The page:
Fall fertilizer application season compressed again

Harvest delays and a warm start to October didn’t give farmers many opportunities to apply fall fertilizer.   But it appears applicators still have time to catch up this month, weather permitting, to hopefully avoid a repeat of a shortened fertilizer season last fall, according to Jean Payne, president of the Illinois Fertilizer and Chemical Association.   “We really had one to two days our members started to roll on fall-applied anhydrous ammonia after we had such an immediate drop of temperatures at the end of October,” Payne told the RFD Radio Network. “Unfortunately, we&...

Fall Fertilizer Looking ‘More Positive’

According to most market watchers, the Great Recession ended for much of the world approximately five years ago. For the fertilizer marketplace, however, the Great Recession is still ongoing, at least in financial terms.   During 2017 economists estimate that U.S. grower income dropped to $58 billion. Not too many years ago, this figure topped $100 billion. Likewise, commodity prices have remained very low vs. where they stood at the beginning of the 2010s. Not surprisingly, this income pressure has directly impacted ag retailers and their fertilizer sales the past few years.   According to data collected in the 2017 CropLife 100 survey of ...

Fall looking quiet for ag on Capitol Hill. (Audio)

Congress returns to Washington this week after seven weeks back home. Avoiding a government shutdown is sure to take up a good deal of time before the fiscal year comes to a close at the end of the month.    Click Here to hear more.

Fall NH3 Schools

This fall, IFCA and IDA will be hosting six competent ammonia trainings in five counties.  These trainings will cover all important aspects regarding safety and regulatory information with anhydrous ammonia for ag retailers.  Upon completion of the training, the attendee will achieve a "competent attendant" certificate that is required by IDA regulations to handle anhydrous ammonia at the retail level.  For more information on the trainings and to register, please click here.

Fall Nitrogen - BMPs and Water Quality

With temperatures falling to the 30's at night for much of central and northern Illinois, thoughts begin to turn to the yearly question "When Can I Start to Apply Ammonia?"   The following best management practices reflect what we've learned in 8 years of NREC funded research, performed on actual farmer fields over tile drainage.  These BMPs are also part of the Illinois Nutrient Loss Reduction Strategy (INLRS) recommendations and the University of Illinois recommendations.  The BMPs are as follows:   Use the Right Nitrogen Rate and do not apply the full rate in the fall.&...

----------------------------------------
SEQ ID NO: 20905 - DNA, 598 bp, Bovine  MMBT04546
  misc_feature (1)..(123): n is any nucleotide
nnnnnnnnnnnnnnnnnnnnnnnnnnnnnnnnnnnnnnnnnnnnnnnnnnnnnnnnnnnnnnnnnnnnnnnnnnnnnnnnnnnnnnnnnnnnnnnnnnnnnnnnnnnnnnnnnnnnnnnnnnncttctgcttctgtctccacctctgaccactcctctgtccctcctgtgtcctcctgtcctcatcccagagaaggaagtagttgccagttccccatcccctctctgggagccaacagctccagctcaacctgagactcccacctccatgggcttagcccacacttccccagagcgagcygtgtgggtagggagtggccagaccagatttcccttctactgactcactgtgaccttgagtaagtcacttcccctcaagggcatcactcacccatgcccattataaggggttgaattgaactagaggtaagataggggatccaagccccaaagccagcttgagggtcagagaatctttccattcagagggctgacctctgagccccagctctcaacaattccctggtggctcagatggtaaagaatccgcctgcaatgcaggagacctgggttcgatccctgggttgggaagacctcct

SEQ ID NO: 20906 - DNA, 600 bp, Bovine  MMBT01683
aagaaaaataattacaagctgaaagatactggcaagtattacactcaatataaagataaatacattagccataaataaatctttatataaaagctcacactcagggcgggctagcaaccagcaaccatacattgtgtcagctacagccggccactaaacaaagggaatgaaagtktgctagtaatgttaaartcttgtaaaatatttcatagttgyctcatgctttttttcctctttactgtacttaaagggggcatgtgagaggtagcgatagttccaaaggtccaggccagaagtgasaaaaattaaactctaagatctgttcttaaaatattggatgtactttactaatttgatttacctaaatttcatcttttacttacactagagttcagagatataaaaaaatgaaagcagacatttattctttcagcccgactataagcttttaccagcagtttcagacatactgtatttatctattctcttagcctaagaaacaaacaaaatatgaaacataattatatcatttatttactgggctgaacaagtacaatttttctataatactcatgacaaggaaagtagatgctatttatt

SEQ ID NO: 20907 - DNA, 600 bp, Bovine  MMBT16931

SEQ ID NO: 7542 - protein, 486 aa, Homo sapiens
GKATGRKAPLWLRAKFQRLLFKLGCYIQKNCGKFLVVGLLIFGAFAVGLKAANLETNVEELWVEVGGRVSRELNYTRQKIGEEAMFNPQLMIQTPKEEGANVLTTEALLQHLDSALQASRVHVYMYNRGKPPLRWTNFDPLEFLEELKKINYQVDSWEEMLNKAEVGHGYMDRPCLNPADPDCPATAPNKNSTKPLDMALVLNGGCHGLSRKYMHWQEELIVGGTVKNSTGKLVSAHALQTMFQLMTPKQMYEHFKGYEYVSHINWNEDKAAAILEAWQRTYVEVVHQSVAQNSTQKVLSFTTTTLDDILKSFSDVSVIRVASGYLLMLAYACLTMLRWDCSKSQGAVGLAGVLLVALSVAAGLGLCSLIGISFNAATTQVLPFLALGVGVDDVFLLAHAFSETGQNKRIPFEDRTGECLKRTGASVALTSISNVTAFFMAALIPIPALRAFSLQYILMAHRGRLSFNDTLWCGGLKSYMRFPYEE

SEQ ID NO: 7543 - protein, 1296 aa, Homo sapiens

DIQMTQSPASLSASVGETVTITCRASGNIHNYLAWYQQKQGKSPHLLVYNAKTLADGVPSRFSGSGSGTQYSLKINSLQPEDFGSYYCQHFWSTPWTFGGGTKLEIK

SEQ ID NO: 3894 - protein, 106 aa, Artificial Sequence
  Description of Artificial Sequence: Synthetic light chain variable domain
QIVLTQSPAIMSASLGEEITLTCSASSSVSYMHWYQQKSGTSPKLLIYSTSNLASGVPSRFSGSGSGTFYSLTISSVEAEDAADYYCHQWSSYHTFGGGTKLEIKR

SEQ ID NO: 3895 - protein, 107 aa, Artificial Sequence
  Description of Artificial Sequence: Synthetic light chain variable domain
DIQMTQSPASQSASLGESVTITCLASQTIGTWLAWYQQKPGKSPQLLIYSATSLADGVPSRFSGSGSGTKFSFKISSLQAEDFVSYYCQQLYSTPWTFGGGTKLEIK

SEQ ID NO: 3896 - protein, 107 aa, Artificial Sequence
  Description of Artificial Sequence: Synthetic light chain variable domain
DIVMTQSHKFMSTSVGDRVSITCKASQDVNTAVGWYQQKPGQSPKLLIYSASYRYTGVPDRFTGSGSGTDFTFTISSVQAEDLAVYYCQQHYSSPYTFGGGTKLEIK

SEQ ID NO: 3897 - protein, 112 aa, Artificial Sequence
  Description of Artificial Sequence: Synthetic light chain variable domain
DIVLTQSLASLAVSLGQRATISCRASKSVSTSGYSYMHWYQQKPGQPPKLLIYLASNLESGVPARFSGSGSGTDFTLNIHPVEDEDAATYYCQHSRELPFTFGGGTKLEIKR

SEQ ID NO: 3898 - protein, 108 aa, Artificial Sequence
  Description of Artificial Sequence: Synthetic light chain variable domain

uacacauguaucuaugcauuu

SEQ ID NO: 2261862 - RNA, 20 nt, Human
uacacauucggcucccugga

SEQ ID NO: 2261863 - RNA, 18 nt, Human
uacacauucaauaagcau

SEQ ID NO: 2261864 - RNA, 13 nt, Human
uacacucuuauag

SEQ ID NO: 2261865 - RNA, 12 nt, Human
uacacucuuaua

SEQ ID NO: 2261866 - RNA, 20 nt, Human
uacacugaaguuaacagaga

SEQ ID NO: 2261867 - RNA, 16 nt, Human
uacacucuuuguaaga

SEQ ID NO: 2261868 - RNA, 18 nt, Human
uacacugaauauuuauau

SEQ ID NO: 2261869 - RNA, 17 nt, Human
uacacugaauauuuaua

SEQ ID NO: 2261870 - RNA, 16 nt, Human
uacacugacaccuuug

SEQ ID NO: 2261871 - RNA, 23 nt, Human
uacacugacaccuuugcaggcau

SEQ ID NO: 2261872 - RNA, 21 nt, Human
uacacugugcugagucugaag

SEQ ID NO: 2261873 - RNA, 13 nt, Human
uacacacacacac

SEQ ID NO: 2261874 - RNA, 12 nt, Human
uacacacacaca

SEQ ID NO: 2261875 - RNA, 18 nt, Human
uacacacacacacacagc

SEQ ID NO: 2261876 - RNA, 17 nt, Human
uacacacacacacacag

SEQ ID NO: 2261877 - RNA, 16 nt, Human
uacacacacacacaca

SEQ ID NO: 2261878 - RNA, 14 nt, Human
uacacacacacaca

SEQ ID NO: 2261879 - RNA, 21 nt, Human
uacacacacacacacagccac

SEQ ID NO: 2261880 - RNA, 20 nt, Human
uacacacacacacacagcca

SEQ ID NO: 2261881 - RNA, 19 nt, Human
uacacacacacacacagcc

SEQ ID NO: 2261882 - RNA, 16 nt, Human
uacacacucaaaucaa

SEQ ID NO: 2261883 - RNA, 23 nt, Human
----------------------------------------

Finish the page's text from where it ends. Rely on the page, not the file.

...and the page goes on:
Fall Nitrogen Webinar Recording and New UI Bulletin: Resources on Fall Management Decisions

If you happened to miss Dr. Nafziger’s recent webinar, Getting Fall Fertilizer Right, don’t worry, as you can now view the recorded video on the IFCA homepage.  Some of the topics covered include: Important factors affecting P and K decisions this year What we learned about N rate responses from this past growing season Fall NH3 applications How we can improve N rate predictions Also, click here to read a recent FarmDoc Bulletin, Fall Field Work Following a Wet October.  Within the article, Dr. Nafziger describes how harvest, fertilizer applications and tillage are all ...

Fall Weed Control. What's Your Plan for Weed Seeds Lurking in Harvested Fields?

This time of year, Illinois farmer Nathan Wentworth is on the phone to his chemical retailer as soon as the dust from the combine settles.   "If we're in the middle of October or later, as soon as a bean field is harvested, we're having it sprayed with herbicides," he said. "It's a core component of our weed control program, because we're minimum-till."   Fall burndown applications may be more important than usual this fall, after the challenging spring many growers experienced, noted Ohio State University Extension weed scientist Mark Loux.   &...

Fallout of Illinois budget feud grows